Chicago Tribune: What was an asphalt parkway outside Mission Press Inc.'s new home on Franklin Avenue in Franklin Park is now a sustainable garden with vegetables and herbs and beehives.
The move has “been good for business,” said co-owner Michael Smith about the proximity to major highways, and the plantings have enabled the company to fulfill a commitment to the environment while providing produce for employees.
"My favorite is our vegetable garden," Smith said. "I can do roasted salsa with all the peppers. We have ghost peppers out there."
The idea came while reading a village newsletter, he said. A tree program caught his eye, then his interest.
“We provide trees at no cost to the homeowner,” said Andy Smolen, Franklin Park’s deputy commissioner. “This [year] was one of the largest seasonal plantings we ever did in Franklin Park — 85 trees.”
Trees are available to businesses if planted on village parkways. So after Smith emailed Franklin Park Mayor Barrett Pedersen, Smolen came out to help identify trees best suited for an area near lots of concrete and asphalt where temperatures are higher and there can be salt.
"Locust trees are good because they do attract pollinators," Smolen said. "They're also one of the toughest trees."
Through Smolen, Smith said he learned that a Metropolitan Water Reclamation District of Greater Chicago (MWRD) program could bring his vision of a sustainable garden to reality at a lower cost to himself.
“Greening a public space provides an overall public benefit to the community,” said Allison Fore, a MWRD public and intergovernmental affairs officer.
As the regional stormwater authority for Cook County, Fore said sustainable gardens fit with the MWRD’s overall goal since trees and other garden features collect rainwater.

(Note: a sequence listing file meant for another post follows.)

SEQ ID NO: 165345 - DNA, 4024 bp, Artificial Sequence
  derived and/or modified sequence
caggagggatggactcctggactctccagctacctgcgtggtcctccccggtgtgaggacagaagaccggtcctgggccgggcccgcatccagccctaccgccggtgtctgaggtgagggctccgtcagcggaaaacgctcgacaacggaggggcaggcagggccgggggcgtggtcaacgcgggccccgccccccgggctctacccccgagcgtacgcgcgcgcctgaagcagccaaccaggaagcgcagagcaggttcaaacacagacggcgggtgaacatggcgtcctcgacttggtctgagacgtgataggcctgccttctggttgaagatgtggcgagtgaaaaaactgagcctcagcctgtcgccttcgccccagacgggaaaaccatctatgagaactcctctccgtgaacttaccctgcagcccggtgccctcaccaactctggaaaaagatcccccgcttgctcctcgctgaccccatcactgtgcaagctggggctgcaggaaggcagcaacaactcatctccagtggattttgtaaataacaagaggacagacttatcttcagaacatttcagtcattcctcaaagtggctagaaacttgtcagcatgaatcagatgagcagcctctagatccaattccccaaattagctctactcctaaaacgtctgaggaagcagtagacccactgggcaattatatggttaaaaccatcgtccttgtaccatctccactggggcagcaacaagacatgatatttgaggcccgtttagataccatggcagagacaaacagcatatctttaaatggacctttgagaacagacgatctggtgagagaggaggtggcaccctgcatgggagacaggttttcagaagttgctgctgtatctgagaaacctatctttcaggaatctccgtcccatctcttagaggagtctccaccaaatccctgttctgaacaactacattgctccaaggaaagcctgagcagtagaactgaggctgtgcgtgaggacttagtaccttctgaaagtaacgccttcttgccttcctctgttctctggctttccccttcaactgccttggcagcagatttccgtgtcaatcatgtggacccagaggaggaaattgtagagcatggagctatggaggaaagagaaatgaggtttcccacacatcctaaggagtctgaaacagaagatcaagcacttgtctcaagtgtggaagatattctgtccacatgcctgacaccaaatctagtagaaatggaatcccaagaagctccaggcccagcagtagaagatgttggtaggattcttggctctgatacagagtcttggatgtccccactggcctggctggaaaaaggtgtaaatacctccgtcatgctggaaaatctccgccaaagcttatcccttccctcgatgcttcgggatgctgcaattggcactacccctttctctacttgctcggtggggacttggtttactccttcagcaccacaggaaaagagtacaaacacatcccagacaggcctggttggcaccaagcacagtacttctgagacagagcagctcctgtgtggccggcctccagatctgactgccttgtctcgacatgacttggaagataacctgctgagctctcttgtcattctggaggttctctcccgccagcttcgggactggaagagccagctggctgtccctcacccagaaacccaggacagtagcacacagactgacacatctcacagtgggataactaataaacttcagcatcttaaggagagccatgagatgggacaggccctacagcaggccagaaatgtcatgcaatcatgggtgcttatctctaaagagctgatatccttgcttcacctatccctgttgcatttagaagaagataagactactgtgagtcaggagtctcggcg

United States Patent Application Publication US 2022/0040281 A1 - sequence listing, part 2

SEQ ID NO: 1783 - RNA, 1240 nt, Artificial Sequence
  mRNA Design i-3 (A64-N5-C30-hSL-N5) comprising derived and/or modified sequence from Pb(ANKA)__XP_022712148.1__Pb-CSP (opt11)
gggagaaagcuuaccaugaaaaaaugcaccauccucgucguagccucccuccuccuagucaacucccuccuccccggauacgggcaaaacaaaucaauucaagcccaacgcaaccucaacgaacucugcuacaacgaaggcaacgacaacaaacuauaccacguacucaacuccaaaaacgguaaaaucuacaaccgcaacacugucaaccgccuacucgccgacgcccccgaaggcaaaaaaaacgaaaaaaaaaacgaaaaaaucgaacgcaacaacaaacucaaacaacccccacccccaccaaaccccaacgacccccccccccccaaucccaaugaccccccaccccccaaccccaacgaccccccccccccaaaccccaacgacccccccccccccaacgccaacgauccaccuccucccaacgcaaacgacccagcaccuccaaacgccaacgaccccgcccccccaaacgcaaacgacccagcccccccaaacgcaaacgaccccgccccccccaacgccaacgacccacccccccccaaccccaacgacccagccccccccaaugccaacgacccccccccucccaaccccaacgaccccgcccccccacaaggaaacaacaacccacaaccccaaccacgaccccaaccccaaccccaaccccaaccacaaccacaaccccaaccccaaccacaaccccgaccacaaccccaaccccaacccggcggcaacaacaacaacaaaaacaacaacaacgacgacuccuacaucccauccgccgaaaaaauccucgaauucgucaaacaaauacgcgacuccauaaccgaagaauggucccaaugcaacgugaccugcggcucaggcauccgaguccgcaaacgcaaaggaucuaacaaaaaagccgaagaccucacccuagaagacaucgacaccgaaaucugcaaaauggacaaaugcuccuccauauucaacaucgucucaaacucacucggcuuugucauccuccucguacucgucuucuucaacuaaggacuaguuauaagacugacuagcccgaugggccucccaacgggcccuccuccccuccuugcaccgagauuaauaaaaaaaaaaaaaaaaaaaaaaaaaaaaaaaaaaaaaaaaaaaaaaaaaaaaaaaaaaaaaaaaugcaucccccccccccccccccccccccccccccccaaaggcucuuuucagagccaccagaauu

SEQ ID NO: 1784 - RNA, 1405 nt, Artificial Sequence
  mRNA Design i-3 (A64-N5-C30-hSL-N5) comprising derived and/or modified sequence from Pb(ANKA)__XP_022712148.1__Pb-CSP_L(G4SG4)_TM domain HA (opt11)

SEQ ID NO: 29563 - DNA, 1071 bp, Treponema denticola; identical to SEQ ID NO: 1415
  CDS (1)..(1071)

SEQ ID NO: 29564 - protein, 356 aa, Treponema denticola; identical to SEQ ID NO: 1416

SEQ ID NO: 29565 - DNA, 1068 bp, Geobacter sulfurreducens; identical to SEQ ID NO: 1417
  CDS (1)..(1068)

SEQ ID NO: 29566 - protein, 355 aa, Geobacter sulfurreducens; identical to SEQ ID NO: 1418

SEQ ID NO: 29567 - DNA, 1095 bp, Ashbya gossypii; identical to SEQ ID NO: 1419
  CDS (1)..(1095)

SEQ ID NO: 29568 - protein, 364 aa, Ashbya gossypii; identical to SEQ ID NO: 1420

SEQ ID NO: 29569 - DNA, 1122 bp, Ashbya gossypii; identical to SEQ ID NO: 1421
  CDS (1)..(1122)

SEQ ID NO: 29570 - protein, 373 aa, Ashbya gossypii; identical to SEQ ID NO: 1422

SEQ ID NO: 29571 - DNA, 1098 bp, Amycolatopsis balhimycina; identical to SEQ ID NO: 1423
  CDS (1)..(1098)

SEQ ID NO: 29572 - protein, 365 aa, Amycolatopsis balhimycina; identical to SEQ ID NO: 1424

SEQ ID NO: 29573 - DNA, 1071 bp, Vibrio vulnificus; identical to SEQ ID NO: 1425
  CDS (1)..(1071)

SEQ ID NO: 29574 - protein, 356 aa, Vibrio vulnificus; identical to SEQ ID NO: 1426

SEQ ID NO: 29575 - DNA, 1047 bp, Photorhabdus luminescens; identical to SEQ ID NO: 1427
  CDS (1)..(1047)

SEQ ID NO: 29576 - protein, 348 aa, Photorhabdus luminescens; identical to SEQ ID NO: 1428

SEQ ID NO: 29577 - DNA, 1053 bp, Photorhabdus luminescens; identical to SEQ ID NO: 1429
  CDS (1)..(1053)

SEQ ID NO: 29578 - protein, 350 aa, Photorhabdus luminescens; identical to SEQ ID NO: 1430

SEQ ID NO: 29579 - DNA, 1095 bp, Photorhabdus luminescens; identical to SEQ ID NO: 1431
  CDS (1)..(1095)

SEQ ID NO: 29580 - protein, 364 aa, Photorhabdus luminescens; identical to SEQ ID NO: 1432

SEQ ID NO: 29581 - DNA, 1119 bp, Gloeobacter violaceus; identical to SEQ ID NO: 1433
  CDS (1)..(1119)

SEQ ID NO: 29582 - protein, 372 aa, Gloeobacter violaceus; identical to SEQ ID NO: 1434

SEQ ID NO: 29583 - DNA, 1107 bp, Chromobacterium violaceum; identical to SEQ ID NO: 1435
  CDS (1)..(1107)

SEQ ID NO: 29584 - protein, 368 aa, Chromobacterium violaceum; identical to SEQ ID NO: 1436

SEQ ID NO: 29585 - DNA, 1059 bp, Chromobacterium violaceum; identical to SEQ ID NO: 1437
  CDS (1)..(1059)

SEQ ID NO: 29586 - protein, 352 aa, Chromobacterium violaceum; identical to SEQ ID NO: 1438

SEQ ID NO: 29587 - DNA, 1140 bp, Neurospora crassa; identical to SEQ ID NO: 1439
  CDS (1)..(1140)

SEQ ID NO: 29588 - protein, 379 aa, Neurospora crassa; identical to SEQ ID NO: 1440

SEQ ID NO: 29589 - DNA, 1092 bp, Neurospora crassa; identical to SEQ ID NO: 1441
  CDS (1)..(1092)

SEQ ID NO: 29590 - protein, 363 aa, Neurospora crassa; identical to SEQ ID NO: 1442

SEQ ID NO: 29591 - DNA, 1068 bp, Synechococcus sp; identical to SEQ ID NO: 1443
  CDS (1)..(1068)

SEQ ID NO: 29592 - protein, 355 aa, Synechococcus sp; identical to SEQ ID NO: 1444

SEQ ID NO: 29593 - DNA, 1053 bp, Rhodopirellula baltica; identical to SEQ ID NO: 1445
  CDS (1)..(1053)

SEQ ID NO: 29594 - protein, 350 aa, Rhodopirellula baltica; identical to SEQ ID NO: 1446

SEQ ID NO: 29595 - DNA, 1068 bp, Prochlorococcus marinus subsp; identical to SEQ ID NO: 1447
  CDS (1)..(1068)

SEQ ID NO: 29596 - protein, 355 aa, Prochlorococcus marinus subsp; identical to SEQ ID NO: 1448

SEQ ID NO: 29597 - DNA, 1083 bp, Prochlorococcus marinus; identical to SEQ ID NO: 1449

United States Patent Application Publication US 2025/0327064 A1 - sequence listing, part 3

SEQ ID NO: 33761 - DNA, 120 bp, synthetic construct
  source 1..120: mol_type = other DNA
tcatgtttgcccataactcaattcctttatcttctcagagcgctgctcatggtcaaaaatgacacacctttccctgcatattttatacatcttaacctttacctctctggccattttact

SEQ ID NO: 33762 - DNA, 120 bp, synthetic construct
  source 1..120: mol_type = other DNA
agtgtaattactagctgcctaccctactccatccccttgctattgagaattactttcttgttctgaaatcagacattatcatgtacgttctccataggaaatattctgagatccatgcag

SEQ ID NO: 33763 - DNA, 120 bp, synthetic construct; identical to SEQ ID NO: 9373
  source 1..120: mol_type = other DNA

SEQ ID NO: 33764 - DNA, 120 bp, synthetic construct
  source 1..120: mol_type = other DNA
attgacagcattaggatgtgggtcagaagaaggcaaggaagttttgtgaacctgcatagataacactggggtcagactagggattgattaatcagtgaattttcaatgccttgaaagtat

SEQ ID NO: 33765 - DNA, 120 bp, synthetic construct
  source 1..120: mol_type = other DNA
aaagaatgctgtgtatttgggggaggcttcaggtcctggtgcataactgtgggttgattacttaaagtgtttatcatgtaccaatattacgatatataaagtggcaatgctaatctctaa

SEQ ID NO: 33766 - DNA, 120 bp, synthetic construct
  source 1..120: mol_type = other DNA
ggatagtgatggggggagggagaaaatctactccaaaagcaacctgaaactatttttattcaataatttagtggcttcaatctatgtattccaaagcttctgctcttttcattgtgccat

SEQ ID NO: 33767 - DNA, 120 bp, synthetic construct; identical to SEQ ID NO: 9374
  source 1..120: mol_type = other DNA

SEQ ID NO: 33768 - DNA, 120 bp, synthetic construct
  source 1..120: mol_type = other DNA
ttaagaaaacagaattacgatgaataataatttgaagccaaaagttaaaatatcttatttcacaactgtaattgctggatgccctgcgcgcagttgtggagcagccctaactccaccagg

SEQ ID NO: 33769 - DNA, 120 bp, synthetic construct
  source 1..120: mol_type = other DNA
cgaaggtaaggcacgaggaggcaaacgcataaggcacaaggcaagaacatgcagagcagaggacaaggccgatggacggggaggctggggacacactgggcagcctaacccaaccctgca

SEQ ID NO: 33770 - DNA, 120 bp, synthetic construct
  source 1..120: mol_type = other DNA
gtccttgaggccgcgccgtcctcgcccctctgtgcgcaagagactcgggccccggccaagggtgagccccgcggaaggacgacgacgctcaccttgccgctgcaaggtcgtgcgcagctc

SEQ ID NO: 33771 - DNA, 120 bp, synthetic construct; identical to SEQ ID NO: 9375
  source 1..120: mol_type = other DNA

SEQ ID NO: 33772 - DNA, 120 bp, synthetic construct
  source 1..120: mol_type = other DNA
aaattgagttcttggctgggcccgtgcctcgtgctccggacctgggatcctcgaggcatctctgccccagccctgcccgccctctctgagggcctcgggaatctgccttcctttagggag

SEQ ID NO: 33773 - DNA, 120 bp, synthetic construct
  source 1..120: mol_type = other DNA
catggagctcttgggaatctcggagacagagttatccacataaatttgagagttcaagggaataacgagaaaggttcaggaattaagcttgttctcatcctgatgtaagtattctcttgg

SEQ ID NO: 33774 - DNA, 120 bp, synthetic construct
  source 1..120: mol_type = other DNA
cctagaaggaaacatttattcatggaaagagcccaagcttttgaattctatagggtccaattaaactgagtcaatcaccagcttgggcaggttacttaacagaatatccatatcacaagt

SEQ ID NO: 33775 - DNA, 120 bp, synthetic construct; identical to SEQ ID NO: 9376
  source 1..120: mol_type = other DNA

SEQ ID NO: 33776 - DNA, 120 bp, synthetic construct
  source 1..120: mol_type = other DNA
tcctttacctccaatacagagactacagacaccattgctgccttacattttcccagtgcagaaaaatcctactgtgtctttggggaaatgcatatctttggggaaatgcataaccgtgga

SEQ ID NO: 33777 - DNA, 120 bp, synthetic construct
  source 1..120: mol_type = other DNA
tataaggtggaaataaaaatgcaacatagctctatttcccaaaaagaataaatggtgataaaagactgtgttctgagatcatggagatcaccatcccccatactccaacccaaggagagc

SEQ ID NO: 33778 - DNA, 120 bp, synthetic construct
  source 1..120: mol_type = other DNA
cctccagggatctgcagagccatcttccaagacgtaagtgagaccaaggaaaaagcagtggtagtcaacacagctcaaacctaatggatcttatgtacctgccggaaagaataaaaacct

"A benefit of sustainable gardens is that they promote permeable surfaces, which capture increasing rainfall," she said.
To help county residents and businesses begin their sustainable gardens, Fore said the MWRD provides free EQ Compost. It is created by co-composting bio-solids, woodchips and yard waste.
“EQ Compost improves soil quality by supplying organic matter, improves soil structure and porosity for a better plant-root environment, and retains nutrients longer which allows plants to more effectively utilize them,” she said.
Smith could use EQ Compost in his sustainable garden, and Smolen said public works employees removed about 2,000 cubic feet of asphalt, stone, rock and brick, replacing it with bio-solids.
“Impermeable surfaces lead to flooding,” Smolen said. “Changing that is a step in the right direction. [Rain] will go into the ground rather than the sewers.”
Smith said the public works employees went above and beyond in their work.
"They really got into it," he said. "They made the trees perfectly straight; they wanted it to look nice."
Drought- and salt-resistant plants share the garden with the locust trees, making it not only environmentally sound, but downright cool.
“The coolest thing, I think, is that we’ve taken a piece of asphalt and, at little cost, turned it into an ecosystem,” Smith said.
It’s relatively low-cost and low-maintenance, Smith said, while providing produce for him and his employees. Through initiatives of The Hive: Chicago’s Beekeeping Supply Store, the bees are also providing jobs in Chicago’s North Lawndale neighborhood.
Smith said he’d encourage other businesses to create sustainable gardens.
“Imagine if you had an acre. You could provide seasonal fresh veggies for employees,” he said.
For more information about Franklin Park’s sustainability commitment, visit www.villageoffranklinpark.com/living/sustainability_initiatives/.
Fore suggests visiting the University of Illinois Extension’s Conservation@Home Program for sustainability resources: https://web.extension.illinois.edu/cook/conservationhome/ and compost.mwrd.org for an electronic form if 10 or more cubic yards of EQ Compost is needed.